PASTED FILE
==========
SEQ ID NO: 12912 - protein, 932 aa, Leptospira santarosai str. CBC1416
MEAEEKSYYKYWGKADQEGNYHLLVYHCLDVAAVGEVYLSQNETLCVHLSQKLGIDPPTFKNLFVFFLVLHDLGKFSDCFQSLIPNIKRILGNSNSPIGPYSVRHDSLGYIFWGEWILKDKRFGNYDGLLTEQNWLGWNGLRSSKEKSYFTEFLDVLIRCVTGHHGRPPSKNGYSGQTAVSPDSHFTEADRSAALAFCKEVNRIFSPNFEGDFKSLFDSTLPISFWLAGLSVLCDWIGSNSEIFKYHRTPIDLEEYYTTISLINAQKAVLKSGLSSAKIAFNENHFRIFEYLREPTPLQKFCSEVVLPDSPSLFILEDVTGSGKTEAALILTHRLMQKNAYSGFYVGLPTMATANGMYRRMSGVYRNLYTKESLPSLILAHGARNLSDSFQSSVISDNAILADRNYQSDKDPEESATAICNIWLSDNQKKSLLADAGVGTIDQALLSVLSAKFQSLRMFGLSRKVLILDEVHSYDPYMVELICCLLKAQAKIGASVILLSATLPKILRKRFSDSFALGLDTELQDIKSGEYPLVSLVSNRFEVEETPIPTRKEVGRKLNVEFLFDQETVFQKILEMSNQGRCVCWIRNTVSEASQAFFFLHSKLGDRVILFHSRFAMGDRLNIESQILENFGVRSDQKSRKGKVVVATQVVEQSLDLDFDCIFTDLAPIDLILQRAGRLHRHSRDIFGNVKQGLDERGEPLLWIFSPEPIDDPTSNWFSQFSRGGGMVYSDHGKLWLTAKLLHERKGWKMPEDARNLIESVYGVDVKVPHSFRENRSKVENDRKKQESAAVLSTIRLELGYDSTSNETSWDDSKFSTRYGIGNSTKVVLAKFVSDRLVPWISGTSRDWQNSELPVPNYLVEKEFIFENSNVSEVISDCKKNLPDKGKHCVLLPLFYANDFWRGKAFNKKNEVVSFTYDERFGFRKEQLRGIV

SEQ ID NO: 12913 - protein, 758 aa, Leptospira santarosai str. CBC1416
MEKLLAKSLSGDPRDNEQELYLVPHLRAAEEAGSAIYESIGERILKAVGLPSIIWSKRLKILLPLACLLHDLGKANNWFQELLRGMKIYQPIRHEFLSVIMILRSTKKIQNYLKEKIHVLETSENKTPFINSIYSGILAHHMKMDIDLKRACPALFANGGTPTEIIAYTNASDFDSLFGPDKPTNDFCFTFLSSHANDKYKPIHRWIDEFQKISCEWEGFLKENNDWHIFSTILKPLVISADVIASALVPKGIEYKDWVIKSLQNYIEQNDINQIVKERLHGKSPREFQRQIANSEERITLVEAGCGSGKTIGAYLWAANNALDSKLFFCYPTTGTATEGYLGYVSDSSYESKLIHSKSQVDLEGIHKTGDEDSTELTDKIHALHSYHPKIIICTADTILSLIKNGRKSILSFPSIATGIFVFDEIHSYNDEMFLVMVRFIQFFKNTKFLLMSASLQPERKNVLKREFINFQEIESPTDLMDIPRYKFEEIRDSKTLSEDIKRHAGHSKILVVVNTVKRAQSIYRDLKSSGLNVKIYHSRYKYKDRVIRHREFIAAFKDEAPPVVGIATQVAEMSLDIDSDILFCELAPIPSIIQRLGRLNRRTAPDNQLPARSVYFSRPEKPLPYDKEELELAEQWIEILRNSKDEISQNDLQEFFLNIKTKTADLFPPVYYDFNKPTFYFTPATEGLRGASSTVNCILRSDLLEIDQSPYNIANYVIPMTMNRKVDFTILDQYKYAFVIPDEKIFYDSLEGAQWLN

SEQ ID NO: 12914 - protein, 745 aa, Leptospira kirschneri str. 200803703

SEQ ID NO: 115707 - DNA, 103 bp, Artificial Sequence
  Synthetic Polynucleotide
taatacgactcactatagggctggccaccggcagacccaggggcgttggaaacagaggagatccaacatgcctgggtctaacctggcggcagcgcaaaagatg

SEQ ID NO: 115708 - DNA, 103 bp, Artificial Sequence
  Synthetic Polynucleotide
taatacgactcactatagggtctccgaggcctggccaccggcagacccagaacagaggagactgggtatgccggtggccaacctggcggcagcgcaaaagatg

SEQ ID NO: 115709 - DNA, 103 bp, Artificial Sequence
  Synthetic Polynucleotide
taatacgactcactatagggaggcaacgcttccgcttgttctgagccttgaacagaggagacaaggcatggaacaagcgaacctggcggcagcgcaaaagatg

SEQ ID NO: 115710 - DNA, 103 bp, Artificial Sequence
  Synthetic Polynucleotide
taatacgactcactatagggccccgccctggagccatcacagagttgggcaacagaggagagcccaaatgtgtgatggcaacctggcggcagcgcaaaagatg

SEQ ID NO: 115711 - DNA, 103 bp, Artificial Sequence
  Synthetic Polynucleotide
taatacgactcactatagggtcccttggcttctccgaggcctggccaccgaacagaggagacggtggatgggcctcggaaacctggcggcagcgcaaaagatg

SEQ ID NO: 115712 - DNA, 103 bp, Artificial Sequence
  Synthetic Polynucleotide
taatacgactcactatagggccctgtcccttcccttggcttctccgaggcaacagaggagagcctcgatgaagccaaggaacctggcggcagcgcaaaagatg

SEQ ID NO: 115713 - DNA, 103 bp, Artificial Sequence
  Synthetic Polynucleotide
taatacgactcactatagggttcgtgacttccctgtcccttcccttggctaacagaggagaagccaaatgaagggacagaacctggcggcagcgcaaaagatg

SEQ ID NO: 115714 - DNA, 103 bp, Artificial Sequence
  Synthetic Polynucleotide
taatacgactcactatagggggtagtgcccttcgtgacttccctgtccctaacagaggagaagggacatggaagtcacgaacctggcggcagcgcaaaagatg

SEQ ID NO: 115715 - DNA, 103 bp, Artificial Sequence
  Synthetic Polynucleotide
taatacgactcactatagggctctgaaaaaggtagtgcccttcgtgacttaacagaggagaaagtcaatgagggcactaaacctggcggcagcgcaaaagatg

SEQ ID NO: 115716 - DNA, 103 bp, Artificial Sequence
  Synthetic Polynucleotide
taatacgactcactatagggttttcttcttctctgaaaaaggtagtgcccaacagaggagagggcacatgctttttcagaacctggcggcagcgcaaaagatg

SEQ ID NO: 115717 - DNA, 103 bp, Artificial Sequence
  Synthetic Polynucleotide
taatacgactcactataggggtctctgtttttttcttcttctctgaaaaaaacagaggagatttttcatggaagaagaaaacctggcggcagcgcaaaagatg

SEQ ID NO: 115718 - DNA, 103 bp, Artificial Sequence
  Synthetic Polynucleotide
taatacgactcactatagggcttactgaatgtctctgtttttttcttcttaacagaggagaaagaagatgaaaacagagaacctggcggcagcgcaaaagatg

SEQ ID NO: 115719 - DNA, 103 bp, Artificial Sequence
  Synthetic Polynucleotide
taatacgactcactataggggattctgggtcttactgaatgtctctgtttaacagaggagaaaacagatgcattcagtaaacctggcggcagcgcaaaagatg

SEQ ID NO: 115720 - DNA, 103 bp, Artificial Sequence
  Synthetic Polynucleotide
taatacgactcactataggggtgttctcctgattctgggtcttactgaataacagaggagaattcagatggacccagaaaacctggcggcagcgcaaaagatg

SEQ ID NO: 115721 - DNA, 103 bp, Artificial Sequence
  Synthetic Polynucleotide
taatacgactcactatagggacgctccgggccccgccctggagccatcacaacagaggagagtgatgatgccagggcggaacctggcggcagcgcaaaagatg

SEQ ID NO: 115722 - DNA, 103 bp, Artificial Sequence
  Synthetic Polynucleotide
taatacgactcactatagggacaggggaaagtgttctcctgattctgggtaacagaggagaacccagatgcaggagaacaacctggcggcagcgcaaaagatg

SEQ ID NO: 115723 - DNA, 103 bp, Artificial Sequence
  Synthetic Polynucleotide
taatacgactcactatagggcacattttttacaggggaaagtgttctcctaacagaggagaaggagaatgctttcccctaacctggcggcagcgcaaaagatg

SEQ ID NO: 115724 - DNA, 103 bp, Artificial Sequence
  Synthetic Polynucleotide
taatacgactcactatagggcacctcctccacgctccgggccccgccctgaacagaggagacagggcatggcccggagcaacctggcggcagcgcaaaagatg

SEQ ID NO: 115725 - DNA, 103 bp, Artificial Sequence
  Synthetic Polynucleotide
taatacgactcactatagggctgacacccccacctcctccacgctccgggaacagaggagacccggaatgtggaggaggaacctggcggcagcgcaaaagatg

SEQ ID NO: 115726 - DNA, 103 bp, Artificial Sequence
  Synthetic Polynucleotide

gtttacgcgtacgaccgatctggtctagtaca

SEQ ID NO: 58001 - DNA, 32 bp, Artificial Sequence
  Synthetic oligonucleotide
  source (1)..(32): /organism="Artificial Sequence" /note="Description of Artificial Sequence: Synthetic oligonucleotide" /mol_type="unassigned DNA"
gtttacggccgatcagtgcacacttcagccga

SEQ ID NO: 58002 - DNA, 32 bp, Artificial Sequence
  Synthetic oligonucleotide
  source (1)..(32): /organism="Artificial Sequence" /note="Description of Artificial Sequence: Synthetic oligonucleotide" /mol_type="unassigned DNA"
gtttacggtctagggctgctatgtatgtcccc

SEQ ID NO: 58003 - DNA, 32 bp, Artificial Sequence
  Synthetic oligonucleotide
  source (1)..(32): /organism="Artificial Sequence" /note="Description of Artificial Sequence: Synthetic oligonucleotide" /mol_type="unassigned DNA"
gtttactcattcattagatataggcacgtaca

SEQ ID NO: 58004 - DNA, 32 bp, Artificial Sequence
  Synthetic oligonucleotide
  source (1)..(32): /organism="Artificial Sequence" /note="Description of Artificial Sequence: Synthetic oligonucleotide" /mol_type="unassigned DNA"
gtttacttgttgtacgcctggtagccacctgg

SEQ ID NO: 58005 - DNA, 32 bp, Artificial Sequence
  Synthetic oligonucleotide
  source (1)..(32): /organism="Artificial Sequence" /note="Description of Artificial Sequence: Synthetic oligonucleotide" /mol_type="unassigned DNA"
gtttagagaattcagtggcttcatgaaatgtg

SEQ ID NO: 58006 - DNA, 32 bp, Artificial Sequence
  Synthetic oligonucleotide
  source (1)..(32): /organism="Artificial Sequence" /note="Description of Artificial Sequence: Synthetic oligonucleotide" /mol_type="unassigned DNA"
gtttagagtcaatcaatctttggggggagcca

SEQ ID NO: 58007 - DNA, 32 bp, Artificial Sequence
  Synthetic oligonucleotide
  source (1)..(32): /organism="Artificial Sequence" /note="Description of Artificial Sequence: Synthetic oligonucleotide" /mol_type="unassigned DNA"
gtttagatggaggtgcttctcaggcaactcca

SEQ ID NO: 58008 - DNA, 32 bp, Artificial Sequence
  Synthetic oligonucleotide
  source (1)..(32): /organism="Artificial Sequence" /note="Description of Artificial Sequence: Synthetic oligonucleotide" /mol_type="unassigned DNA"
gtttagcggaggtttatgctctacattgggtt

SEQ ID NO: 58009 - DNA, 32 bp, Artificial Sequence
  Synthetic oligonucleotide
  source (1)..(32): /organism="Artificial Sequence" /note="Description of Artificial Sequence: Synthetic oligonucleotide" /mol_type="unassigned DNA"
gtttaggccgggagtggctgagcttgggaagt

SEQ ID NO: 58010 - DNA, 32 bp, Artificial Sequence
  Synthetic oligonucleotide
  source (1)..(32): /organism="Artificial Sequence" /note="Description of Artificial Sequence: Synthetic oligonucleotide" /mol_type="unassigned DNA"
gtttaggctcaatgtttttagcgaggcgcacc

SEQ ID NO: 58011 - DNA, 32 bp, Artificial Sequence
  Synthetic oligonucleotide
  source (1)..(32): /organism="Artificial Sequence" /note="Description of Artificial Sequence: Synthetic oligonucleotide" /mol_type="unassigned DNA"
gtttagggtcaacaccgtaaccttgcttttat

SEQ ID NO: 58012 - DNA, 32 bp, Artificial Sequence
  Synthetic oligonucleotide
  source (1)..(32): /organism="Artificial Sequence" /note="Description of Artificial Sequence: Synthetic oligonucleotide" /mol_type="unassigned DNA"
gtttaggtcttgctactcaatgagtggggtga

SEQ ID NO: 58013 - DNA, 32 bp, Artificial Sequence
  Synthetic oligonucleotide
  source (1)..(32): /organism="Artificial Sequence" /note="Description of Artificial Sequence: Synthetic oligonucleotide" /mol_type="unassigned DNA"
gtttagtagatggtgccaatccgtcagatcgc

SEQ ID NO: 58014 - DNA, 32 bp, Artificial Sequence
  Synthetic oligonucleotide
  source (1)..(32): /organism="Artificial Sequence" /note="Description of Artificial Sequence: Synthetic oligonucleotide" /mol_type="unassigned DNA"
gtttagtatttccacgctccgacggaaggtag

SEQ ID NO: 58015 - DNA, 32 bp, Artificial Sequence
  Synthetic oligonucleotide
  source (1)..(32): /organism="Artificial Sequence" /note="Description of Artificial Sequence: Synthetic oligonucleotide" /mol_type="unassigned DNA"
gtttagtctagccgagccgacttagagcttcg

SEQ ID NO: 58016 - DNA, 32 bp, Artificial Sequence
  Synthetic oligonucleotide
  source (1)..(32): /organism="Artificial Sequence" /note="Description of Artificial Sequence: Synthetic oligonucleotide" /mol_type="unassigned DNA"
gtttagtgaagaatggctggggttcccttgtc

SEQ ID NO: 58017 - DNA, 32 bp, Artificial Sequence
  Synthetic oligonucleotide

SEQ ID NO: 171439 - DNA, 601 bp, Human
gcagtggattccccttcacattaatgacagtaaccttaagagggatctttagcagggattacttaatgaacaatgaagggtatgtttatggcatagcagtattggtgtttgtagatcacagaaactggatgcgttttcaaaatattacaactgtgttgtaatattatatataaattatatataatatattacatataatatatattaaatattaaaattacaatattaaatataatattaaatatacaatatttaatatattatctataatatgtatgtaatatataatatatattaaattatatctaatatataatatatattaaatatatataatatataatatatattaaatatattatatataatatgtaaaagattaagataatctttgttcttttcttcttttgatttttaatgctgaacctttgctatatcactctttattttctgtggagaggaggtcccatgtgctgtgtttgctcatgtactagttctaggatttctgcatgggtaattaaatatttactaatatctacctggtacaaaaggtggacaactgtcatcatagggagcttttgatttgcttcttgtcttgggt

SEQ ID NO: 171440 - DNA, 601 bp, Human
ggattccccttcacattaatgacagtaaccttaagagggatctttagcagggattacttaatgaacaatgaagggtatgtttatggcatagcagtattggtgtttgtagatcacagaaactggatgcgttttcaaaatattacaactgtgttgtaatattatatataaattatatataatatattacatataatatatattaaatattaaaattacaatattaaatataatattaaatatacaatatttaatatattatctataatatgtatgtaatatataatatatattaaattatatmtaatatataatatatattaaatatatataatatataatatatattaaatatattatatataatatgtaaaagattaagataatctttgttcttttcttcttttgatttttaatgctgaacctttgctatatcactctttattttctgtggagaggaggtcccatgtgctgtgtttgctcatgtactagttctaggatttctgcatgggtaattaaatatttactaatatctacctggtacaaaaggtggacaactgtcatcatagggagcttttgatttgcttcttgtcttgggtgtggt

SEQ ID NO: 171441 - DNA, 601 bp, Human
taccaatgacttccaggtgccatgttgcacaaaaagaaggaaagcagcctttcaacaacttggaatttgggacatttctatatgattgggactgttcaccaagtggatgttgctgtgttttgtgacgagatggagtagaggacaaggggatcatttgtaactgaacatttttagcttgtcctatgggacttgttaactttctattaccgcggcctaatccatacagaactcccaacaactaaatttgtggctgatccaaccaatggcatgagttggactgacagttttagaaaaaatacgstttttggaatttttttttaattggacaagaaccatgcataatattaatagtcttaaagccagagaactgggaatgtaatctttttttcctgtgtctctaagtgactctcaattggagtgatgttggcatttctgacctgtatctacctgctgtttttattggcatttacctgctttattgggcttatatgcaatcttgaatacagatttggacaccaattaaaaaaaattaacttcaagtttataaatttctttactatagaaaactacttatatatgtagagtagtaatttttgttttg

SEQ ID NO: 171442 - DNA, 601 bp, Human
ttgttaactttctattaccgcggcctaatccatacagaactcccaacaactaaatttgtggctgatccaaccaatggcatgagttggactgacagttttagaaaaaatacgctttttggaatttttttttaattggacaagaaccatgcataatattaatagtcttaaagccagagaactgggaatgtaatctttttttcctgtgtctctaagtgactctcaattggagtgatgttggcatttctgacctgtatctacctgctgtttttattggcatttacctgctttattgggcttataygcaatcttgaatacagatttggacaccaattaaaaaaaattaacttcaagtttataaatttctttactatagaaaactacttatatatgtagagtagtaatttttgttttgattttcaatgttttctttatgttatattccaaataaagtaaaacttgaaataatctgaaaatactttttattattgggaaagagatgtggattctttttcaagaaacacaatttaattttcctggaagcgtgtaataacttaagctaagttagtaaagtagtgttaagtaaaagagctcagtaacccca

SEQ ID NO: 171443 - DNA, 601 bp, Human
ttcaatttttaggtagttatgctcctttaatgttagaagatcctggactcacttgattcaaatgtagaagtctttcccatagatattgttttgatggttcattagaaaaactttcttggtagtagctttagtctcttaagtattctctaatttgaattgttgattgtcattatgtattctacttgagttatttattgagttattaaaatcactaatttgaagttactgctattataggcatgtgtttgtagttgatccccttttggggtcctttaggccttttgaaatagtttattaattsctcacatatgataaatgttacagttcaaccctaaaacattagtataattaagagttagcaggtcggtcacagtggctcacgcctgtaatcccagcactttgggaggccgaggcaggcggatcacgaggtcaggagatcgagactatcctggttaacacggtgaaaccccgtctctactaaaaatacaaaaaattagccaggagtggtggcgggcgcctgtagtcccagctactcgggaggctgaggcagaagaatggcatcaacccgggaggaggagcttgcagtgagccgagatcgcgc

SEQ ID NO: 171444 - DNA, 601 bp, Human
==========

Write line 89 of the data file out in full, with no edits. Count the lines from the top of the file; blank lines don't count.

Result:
gtttagagtcaatcaatctttggggggagcca